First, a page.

15 Apr

2010 Spring Edition of the Hepburn Home Page

An original butterfly design by Thomas G. Hepburn. Medium used is Corel Draw ver12
As the snow begins to melt and the weather warms up. I start to look forward to being outside more and more. Years ago I made a maxim to not let winter stop what I was doing around the homestead (or anywhere I was). Even though many things can be done year-round, summer is always the best time to be outside.  Not everything I do is outside, but to give an good indication of how much I like the outdoors, I plan on installing a network plug along the veranda so I can blog from the shady side of the homestead shack using our new high speed internet connection.

This edition of the Hepburn Home page will have my thoughts on the internet and it’s use and gardening since this year will be our first year for making a garden.

High Speed Internet

Getting high speed internet in uptown Wimborne is easy.  It just costs money.  The hard part is when you have to move all your internet “stuff” over to the new provider.  For years I have published my web logs and files onto the space that my internet provider, Telus, gave me.  I liked it because I had control over it and I didn’t have to give up my privacy.  I know there are a million other ways to host a web site, and for free.  I’m going to have to do that now since my new provider of higher speed internet giving does not had out space on their servers for my pictures of this-and-that “stuff”.  So, I now have to publish my blog and have it hosted on Google web servers.  Since I don’t pay for the service they can choose to use the information in a variety of ways.  It’s easy to access a persons information and still keep the person’s privacy in tact.

quoteLet’s face it, this blog is mostly a waste of my time!
unquote

I’ve come to the belief that the internet is vastly underutilized in rural areas. Central Alberta is getting to the point where there are options for getting the internet in faster formats than dial-up. Most of the time it is cost that prevents a household from getting “high speed” internet. The initial installation can be over $300 and then you pay the monthly fee which can reach $100 for some service providers. It’s no wonder dial-up was our choice for internet for so long after leaving the city.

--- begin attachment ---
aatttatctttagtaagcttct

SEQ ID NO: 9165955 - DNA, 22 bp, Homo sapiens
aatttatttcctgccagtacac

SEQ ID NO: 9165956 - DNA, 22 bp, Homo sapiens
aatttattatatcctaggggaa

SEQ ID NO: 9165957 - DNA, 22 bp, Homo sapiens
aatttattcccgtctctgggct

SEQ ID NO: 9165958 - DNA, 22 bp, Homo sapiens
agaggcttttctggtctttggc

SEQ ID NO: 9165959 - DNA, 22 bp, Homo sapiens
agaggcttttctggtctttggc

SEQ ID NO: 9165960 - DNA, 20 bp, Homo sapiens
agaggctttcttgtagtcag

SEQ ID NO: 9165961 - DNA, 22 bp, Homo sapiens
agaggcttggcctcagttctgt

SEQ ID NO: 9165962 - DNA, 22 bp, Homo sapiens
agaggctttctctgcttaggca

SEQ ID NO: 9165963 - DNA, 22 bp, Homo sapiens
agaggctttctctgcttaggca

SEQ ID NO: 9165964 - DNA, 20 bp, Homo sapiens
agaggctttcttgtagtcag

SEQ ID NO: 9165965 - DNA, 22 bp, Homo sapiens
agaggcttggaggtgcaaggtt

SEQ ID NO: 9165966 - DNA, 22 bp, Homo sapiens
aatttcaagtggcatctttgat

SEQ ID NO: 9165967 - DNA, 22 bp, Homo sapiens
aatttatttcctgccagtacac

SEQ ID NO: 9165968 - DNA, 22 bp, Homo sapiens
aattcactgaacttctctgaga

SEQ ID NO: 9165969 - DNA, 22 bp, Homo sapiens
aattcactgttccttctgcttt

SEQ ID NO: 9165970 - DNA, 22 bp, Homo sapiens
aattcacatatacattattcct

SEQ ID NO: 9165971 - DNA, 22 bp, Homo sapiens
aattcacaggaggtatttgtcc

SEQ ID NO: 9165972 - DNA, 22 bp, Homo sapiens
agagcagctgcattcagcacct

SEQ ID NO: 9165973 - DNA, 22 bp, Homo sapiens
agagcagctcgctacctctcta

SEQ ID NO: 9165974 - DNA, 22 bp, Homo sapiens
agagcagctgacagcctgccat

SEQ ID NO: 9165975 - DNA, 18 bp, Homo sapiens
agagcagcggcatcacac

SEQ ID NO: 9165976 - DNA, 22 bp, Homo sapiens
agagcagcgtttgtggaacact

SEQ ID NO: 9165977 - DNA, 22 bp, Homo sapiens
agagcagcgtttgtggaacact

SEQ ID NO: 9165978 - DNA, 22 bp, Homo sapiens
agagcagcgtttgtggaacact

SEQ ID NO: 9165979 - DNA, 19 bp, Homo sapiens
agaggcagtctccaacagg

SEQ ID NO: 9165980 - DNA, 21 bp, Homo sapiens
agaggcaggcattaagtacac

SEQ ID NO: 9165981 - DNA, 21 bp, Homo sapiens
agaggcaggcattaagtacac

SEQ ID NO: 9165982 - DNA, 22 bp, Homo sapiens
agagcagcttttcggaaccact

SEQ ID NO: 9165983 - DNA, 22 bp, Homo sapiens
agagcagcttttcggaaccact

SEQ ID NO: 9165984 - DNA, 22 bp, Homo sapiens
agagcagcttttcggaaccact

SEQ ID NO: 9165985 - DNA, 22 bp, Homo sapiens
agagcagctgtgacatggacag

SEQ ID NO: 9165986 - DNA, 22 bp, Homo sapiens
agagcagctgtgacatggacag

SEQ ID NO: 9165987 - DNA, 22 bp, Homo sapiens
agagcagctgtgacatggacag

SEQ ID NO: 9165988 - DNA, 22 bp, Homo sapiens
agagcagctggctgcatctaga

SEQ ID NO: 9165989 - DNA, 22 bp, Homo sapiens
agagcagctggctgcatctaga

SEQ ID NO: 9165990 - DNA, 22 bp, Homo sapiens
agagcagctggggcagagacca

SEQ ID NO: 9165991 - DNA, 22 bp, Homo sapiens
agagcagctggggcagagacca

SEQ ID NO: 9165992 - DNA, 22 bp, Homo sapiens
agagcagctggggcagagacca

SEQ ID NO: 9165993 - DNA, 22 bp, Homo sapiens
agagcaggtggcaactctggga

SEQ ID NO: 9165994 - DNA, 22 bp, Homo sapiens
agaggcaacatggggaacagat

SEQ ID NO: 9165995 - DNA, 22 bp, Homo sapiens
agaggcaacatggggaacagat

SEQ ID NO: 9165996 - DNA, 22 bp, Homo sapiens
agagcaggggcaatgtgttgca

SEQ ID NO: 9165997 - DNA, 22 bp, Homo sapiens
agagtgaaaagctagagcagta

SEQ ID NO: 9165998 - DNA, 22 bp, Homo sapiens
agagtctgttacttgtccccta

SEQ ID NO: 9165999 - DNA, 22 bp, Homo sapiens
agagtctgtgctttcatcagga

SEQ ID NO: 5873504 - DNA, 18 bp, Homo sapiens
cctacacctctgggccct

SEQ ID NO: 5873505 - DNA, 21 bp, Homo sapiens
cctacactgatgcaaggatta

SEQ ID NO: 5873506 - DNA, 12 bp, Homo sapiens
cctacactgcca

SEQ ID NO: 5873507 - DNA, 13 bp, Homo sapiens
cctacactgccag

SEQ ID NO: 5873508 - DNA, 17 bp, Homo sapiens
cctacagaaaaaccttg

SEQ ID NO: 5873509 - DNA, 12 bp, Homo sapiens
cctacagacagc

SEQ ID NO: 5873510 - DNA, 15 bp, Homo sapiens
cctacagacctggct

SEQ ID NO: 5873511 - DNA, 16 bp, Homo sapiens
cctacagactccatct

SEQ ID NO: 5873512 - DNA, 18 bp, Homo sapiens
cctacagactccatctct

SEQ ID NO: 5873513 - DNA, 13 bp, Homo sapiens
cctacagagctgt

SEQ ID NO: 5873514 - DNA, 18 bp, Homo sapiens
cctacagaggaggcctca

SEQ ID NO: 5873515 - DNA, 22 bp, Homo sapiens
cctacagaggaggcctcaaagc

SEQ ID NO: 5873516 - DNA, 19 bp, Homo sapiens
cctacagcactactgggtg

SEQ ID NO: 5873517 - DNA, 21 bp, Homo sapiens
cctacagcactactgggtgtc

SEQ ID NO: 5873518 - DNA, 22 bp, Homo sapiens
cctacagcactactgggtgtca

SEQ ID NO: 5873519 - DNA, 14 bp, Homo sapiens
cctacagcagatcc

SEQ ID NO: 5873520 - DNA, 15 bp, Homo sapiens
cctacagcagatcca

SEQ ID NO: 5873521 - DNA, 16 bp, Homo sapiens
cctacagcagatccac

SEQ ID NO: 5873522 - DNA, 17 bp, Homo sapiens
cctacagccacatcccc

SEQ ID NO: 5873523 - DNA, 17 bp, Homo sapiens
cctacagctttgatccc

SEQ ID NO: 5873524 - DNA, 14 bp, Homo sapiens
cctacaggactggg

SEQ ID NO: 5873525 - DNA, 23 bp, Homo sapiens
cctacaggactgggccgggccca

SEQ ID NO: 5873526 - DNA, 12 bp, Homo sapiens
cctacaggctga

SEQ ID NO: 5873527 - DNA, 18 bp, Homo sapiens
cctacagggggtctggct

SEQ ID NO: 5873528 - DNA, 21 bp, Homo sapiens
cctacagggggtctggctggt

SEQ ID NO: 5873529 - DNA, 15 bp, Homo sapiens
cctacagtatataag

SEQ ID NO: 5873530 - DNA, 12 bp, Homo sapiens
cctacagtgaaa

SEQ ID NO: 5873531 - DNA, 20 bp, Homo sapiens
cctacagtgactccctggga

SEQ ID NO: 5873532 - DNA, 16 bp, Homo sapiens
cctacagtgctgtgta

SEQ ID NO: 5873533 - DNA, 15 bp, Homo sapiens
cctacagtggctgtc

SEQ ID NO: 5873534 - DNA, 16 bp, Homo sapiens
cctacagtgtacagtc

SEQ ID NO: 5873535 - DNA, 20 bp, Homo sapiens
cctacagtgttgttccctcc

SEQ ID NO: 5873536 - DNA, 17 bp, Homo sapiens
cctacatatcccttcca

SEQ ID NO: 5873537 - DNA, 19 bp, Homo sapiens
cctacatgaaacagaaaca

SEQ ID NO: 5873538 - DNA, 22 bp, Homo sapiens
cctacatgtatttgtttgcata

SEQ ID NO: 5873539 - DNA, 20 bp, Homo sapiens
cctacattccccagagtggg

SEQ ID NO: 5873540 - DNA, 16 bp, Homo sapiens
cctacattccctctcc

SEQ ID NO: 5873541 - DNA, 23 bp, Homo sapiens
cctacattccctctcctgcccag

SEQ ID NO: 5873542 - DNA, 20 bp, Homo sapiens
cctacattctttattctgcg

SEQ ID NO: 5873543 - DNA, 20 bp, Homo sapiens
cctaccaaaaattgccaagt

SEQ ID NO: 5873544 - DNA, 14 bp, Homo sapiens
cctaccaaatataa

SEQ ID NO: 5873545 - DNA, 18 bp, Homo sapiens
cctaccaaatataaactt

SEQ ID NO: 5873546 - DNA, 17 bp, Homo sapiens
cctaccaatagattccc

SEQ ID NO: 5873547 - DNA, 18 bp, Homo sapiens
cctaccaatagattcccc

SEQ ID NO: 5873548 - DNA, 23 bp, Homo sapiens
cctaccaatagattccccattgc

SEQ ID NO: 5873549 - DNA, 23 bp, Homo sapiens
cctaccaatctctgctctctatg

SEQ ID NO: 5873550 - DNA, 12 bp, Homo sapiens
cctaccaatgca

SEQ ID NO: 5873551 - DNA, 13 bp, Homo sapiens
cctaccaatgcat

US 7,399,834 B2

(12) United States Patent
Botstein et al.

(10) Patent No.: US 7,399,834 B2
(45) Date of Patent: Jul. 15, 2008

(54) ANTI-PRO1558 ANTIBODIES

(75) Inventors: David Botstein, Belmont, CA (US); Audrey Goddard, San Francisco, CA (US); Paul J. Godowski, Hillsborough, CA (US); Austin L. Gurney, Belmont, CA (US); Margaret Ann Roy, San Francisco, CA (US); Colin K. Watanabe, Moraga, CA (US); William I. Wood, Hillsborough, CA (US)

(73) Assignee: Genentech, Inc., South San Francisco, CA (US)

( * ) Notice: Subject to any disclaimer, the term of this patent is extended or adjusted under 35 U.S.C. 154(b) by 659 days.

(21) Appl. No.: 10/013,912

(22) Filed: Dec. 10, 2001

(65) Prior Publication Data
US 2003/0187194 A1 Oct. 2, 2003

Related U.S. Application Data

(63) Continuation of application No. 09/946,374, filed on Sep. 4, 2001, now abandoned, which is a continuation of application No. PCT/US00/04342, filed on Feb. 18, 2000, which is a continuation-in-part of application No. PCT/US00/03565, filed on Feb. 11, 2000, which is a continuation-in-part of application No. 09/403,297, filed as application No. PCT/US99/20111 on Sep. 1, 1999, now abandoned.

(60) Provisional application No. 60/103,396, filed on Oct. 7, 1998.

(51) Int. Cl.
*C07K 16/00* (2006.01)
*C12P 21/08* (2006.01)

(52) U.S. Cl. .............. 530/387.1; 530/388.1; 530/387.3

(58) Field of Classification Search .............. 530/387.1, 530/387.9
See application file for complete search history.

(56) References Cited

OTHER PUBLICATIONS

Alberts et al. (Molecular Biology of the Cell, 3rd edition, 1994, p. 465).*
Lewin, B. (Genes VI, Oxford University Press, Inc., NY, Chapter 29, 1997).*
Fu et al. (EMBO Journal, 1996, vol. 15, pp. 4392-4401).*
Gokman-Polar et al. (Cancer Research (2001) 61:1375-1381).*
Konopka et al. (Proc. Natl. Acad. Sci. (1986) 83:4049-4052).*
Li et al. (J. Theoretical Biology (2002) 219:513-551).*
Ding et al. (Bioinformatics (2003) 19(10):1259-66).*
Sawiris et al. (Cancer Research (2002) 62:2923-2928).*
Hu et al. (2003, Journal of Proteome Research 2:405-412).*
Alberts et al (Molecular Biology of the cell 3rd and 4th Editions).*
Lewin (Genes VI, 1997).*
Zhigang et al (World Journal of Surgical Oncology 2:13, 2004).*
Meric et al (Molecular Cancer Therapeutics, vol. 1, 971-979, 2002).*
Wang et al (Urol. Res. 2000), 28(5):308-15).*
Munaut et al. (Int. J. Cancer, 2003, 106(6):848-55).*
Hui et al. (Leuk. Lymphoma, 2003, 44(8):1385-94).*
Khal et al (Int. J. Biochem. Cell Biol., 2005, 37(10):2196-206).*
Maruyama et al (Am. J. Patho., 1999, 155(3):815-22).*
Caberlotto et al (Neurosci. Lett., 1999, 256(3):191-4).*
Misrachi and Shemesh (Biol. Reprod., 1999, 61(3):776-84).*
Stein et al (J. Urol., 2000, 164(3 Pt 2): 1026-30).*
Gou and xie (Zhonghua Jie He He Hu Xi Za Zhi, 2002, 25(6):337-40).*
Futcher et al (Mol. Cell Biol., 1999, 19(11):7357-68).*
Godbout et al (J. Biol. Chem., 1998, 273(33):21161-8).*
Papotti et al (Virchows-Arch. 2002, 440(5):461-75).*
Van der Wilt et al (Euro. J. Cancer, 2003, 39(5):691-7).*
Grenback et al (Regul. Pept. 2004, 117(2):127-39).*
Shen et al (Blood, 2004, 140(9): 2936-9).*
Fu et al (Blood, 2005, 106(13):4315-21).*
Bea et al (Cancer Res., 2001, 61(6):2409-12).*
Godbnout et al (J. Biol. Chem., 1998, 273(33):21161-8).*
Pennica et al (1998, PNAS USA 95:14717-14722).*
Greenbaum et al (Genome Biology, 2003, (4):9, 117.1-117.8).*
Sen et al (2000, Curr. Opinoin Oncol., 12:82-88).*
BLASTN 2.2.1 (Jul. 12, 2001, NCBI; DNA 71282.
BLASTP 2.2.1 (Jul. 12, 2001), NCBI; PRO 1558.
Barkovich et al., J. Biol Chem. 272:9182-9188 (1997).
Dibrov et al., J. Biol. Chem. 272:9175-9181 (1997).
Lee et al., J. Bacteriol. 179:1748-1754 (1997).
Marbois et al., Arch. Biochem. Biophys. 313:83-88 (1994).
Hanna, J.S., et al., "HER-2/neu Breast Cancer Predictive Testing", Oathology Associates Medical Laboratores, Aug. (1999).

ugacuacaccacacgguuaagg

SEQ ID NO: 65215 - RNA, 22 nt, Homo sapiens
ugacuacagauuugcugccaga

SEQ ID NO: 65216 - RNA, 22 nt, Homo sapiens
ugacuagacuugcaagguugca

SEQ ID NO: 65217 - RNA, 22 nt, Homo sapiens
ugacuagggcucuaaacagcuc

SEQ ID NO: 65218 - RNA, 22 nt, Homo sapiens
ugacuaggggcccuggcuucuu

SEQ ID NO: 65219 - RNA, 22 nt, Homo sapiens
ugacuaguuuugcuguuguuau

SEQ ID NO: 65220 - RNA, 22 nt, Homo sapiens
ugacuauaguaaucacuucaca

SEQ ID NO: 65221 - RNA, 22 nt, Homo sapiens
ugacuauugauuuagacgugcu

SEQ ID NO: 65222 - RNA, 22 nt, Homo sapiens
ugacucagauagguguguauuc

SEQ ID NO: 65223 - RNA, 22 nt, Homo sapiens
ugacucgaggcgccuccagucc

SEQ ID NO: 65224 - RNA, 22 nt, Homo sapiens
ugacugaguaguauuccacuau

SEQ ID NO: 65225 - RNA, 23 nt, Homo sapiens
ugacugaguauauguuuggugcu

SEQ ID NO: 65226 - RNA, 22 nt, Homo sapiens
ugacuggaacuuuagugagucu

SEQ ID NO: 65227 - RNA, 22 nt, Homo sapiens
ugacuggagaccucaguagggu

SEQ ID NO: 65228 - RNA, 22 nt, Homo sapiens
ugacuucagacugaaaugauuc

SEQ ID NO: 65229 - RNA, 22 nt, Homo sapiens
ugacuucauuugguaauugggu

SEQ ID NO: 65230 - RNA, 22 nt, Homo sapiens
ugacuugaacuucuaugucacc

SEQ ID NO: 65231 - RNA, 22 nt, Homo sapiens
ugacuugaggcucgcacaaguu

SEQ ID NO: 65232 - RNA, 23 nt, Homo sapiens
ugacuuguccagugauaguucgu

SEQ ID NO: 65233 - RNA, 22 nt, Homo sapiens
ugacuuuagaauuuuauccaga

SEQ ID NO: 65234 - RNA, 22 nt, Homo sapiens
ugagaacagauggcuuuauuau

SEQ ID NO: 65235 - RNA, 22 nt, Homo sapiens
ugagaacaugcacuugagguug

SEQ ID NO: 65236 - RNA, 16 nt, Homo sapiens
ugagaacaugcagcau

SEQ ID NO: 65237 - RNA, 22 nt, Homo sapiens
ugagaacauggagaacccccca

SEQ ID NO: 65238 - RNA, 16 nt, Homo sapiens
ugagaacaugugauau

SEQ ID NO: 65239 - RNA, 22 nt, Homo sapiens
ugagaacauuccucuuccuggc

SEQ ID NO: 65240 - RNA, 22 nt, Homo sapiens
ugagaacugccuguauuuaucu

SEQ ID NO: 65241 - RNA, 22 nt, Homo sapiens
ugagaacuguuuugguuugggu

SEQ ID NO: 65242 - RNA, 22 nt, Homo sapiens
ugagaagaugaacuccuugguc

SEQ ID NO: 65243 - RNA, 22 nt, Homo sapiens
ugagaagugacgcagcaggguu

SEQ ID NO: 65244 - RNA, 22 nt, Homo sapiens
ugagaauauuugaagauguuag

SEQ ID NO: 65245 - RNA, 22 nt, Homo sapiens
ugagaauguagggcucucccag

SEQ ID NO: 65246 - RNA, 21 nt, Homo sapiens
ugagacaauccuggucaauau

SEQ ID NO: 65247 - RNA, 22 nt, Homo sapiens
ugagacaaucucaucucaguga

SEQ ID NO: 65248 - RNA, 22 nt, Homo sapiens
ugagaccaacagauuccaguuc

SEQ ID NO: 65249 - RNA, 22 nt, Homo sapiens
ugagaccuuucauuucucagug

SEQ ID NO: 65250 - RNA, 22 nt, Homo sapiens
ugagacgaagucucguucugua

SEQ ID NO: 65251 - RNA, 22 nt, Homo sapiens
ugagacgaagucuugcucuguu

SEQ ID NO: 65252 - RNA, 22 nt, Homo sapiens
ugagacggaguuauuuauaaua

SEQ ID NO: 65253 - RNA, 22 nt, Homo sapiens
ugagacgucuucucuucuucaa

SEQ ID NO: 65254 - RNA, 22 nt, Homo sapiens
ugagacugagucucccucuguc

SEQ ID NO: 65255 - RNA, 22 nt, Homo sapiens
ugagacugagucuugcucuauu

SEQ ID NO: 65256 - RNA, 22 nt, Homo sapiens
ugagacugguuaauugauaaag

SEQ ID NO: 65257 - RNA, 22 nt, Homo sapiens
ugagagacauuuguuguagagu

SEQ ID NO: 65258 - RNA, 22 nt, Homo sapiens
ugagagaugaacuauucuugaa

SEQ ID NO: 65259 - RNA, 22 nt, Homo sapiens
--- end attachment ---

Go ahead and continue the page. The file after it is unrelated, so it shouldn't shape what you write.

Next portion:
The other part of the equation is that most rural people are, well, different from urban dwellers.  I notice this when I listen to cbc.ca/spark podcasts by Nora Young.  It’s a show on how technology is shaping our lives – mostly computers and cell phones.  Most of what she talks about wouldn’t apply to rural  people.  Rural people are not as dependent on technology.  Most are independent by design – distance prevents us from relying on other people  to provide services that urban people would. I can’t think of a single rural dwelling person that “Needs to be connected”.  The farmers – including those weekend farmers who have other full time jobs – don’t use the internet for what they do.  Why not?  I think it’s a scenario of you don’t know what you don’t know.  Another part of it is that they don’t have time to search around the internet.  Let’s face it, this blog is mostly a waste of my time!

making a garden

This year is the year we plant seeds.  Last year we got rid of the trailer that was home to us for 2 years while we built our new shack. All along we were thinking that the spot where the mobile house sat would make a good plot for a garden.  Neighbors and friends were quick to give advice about the garden.  One fellow, after hearing the plan wanted to steer us away from doom: “The soil is dead under there. Nothing will grow once that trailer disappears.”  I was alarmed.  He was a farmer and had an excellent garden of his own. I took his word of authority and told Laurie.  “That doesn’t sound right.” She said. Actually we both said it.

I tilled the soil with my rototiller in June.  By July there were weeds in the garden.  Now by my calculations, if weeds can grow, the soil is not dead.  I didn’t need the internet to figure that one out.

In the fall, another neighbor brought over a couple of scoops of loam from an old manure pile.  I am ever grateful to him since it has turn a questionable plot of soil into a supreme growing medium.

With the early warm weather we have been having, I tilled the garden again in April! Yes. Easter weekend.  The garden is ready for planting!  Laurie’s only question now is: what is the frost-free date for our area.  The internet was used to answer this question.  Right behind our place  is Climate data station that records weather information and puts it on the internet for  the agriculture industry to use. Here is the link: AgroClimatic Information Service (ACIS)

I used the station data and graphs to come up with this graph (click to see full image) .  So, When do we plant

Wordle: Animals!

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